If you started a business, or recently joined a startup, there is a strong likelihood that a portion of your overall compensation package (or the compensation package offered to new hires) will include stock options and/or stock warrants. It is important to understand the key differences between these stock instruments to ensure comprehension of what will follow when a stock option or stock warrant is offered to a new employee, or as an investor on boarding with a startup.
In most instances, companies will offer stock options to specific employees, consultants, and directors, in exchange for services rendered to the company. If you, as a business owner, are interested in offering stock options to your employees, it is important to have a formal, detailed stock option plan in place. When you have a stock option plan, it can provide specific details about the stock options (and often restricted stock) that you are offering to one or more of your employees, consultants, or directors.As a result, stock options are considered to be a compensatory financial instrument.
Stock warrants, in contrast, are typically not considered to be compensatory financial instruments. Instead, stock warrants are often issued in relation to a company working to raise capital (generally through debt or equity securities). In most transactions, stock warrants are utilized as a proverbial “sweetener” to help close a deal with an investor. For example, let’s say Startup X is trying to raise capital through a Series A Round and is trying to incentivize the first few investors who join the deal by offering extra incentives. Startup X could offer stock warrants that would be issued to these investors to purchase a specific number of shares of the startup’s common stock at a specific dollar amount per share. The stock warrant would then be issued in connection with a capital transaction.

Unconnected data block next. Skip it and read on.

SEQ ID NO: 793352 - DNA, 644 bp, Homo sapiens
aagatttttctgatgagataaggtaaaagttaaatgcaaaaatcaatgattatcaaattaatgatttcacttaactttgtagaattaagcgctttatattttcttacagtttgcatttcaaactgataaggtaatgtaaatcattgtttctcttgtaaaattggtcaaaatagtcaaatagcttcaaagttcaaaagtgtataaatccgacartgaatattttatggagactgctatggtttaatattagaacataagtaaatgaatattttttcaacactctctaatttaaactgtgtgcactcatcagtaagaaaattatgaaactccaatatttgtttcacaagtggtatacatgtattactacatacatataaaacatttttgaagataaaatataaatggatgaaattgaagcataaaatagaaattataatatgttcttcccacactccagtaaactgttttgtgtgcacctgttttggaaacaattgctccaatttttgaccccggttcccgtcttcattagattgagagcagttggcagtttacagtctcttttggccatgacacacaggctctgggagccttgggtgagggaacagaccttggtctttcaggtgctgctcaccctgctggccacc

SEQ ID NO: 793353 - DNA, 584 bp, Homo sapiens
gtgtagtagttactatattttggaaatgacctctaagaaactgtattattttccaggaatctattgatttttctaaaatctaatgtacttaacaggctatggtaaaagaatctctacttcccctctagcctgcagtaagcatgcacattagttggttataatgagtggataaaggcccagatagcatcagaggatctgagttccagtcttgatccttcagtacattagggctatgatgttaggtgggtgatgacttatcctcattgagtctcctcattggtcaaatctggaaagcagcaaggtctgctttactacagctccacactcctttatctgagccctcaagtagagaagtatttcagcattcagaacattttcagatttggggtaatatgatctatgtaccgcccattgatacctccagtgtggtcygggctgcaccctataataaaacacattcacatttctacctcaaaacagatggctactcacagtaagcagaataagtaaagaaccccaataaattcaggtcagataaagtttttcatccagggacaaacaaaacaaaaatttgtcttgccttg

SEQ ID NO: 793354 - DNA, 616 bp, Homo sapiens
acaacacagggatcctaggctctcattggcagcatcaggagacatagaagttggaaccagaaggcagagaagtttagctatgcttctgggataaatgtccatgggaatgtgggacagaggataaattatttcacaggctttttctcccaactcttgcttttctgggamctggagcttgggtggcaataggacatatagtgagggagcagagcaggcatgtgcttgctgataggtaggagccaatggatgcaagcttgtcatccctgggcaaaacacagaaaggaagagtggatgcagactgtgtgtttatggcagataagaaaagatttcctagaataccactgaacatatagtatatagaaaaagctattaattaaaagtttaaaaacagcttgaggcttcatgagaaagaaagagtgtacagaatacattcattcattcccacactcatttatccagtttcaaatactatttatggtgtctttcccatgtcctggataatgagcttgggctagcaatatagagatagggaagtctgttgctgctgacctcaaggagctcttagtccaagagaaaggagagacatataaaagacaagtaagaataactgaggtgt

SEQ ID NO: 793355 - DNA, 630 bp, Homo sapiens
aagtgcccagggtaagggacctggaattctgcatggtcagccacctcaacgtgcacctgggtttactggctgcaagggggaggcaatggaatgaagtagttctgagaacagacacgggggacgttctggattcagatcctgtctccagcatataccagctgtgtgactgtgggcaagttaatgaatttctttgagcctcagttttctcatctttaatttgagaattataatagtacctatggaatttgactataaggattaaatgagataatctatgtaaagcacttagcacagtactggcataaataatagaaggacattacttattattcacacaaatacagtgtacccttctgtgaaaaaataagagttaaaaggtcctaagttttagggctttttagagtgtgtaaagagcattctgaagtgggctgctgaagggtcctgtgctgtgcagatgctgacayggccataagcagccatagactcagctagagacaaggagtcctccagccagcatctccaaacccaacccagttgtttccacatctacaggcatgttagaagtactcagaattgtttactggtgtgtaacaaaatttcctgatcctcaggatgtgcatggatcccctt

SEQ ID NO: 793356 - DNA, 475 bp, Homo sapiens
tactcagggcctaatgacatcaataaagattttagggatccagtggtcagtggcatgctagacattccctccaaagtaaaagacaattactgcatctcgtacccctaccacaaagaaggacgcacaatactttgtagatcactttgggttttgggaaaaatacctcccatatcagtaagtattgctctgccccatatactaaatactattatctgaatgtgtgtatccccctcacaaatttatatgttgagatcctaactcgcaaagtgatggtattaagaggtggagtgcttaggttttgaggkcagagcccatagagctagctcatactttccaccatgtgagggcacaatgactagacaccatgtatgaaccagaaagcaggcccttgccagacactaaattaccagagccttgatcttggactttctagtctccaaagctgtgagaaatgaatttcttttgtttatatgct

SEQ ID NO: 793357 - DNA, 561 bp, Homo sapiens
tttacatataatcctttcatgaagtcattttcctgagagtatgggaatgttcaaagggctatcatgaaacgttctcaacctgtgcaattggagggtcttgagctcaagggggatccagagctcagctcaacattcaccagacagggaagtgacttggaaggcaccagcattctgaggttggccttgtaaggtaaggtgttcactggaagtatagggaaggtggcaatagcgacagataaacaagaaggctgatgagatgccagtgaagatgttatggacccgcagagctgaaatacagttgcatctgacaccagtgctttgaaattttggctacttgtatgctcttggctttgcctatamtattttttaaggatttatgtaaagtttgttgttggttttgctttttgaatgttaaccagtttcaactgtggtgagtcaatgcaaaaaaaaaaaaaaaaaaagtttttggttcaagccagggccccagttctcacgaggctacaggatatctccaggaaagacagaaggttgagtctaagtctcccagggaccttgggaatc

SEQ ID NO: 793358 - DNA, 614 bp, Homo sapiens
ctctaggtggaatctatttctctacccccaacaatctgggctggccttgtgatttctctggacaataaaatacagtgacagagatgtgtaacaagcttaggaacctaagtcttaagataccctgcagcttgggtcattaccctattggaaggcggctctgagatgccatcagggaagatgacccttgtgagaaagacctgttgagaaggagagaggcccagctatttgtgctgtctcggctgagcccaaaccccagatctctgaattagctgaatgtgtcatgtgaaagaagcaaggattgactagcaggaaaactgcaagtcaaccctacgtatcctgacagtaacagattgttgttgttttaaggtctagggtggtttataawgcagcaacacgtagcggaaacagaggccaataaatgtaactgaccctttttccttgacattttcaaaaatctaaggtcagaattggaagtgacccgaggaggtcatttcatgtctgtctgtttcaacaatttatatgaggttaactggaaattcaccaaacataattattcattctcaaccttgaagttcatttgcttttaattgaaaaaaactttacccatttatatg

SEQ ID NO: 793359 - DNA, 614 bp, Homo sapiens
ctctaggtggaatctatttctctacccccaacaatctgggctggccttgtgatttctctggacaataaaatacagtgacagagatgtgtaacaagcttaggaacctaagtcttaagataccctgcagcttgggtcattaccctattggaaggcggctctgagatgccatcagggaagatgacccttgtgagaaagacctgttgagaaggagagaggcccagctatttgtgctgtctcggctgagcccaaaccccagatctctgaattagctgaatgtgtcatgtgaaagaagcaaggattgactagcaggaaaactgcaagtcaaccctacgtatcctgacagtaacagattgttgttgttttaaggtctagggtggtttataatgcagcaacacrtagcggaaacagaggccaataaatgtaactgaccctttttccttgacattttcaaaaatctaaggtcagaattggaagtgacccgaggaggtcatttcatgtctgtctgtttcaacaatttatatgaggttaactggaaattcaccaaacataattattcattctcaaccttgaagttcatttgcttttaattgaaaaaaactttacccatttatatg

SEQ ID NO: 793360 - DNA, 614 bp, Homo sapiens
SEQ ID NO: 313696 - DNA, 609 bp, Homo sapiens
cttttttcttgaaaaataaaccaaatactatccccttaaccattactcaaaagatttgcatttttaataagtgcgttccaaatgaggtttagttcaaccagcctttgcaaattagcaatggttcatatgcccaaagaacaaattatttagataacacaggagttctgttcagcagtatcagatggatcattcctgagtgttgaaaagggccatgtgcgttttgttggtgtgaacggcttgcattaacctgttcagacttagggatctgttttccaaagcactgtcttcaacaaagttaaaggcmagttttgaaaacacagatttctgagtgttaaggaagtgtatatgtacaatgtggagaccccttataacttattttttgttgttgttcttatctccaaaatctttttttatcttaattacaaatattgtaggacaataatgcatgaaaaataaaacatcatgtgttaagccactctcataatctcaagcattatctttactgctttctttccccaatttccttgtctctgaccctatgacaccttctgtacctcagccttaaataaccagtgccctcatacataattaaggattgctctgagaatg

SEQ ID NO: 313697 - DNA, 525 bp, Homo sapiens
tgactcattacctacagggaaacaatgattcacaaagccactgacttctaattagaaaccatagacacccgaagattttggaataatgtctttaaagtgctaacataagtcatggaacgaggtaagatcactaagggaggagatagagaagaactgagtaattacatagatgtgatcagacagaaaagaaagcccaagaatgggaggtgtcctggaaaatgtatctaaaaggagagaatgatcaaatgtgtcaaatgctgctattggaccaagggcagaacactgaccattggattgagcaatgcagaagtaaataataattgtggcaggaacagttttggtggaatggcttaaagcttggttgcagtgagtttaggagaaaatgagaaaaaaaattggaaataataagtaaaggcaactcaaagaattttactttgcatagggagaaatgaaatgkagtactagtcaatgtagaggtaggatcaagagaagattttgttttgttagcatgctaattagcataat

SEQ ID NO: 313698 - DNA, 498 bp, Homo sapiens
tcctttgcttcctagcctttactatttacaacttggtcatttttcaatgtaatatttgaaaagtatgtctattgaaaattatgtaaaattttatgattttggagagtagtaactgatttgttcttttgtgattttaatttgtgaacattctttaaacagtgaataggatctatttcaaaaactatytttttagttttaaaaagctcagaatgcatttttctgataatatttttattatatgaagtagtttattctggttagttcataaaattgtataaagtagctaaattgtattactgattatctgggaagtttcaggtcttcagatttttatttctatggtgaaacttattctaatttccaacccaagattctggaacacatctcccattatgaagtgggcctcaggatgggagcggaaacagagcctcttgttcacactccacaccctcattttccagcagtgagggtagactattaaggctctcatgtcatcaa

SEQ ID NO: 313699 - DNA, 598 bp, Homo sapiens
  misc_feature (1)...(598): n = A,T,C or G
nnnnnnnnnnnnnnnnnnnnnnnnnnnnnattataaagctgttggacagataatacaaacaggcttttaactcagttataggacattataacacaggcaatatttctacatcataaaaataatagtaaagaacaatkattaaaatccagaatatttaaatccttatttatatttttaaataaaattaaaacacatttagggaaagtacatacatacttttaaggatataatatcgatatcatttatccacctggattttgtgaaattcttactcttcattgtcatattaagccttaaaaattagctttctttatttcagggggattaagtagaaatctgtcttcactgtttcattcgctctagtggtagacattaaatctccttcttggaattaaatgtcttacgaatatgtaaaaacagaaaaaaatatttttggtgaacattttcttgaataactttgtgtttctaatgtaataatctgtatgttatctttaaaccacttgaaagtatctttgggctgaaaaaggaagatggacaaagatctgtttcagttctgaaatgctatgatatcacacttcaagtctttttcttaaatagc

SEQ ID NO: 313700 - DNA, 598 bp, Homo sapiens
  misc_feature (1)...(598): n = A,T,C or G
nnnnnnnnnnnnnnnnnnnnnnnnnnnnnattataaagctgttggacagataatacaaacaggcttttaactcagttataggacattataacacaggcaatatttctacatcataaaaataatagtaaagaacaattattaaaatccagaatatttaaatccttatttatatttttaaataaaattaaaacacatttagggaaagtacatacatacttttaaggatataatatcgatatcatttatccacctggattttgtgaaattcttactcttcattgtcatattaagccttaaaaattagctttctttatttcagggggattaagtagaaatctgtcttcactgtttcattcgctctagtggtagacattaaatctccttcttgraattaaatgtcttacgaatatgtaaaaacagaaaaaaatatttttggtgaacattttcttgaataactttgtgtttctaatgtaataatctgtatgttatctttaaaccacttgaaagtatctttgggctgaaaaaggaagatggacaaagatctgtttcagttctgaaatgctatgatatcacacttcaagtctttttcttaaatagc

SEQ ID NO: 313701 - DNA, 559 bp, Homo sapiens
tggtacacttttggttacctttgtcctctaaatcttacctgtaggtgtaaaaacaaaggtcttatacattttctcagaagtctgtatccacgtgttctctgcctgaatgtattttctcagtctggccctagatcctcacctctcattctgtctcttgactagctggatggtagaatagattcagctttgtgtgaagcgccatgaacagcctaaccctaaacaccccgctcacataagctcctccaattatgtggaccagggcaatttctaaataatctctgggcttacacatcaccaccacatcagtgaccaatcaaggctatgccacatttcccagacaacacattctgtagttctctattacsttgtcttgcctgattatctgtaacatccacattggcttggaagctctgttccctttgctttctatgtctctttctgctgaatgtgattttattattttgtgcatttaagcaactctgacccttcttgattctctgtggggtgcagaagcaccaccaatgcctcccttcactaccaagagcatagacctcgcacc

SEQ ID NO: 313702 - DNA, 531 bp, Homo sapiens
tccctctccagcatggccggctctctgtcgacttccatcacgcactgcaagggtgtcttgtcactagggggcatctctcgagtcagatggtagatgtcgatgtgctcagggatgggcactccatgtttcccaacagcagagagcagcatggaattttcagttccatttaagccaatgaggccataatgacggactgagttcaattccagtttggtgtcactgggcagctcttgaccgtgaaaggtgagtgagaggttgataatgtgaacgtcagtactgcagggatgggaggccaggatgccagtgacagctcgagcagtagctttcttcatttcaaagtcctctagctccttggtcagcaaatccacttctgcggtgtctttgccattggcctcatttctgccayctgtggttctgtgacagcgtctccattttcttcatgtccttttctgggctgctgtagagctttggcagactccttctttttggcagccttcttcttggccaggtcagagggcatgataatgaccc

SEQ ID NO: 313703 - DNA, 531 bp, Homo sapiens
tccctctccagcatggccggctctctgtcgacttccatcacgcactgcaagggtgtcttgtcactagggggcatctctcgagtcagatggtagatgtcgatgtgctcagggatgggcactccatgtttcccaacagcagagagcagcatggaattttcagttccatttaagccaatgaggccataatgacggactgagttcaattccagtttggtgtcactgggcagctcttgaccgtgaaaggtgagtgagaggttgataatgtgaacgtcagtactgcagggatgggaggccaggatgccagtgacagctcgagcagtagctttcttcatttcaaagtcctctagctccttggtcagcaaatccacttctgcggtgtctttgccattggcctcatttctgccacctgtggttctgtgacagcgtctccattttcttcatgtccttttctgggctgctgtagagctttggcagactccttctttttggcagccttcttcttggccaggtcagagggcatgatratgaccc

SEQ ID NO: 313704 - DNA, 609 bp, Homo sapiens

Have Questions? Contact an Experienced Business Lawyer in Los Angeles Today
When it comes to issuing stock options and/or stock warrants; companies and investors need to understand the key differences between these two instruments due to the potential tax consequences associated with issuing these types of stock options and warrants to new hires and/or investors.Hence, it is in your best interest to consult with an experienced business lawyer in Los Angeles about the best option suited for your business.
The highly reputable professionals at Hakim Law Group are experienced business lawyers in Los Angeles who are well versed in corporate law and capable of offering strategic and legal advice at every stage of a company’s life cycle. This level of diverse legal and business experience is what sets HLG apart from the competition. For further information or schedule a consultation please contact Hakim Law Group at (310) 993.2203 or visit www.HakimLawGroup.com to learn more.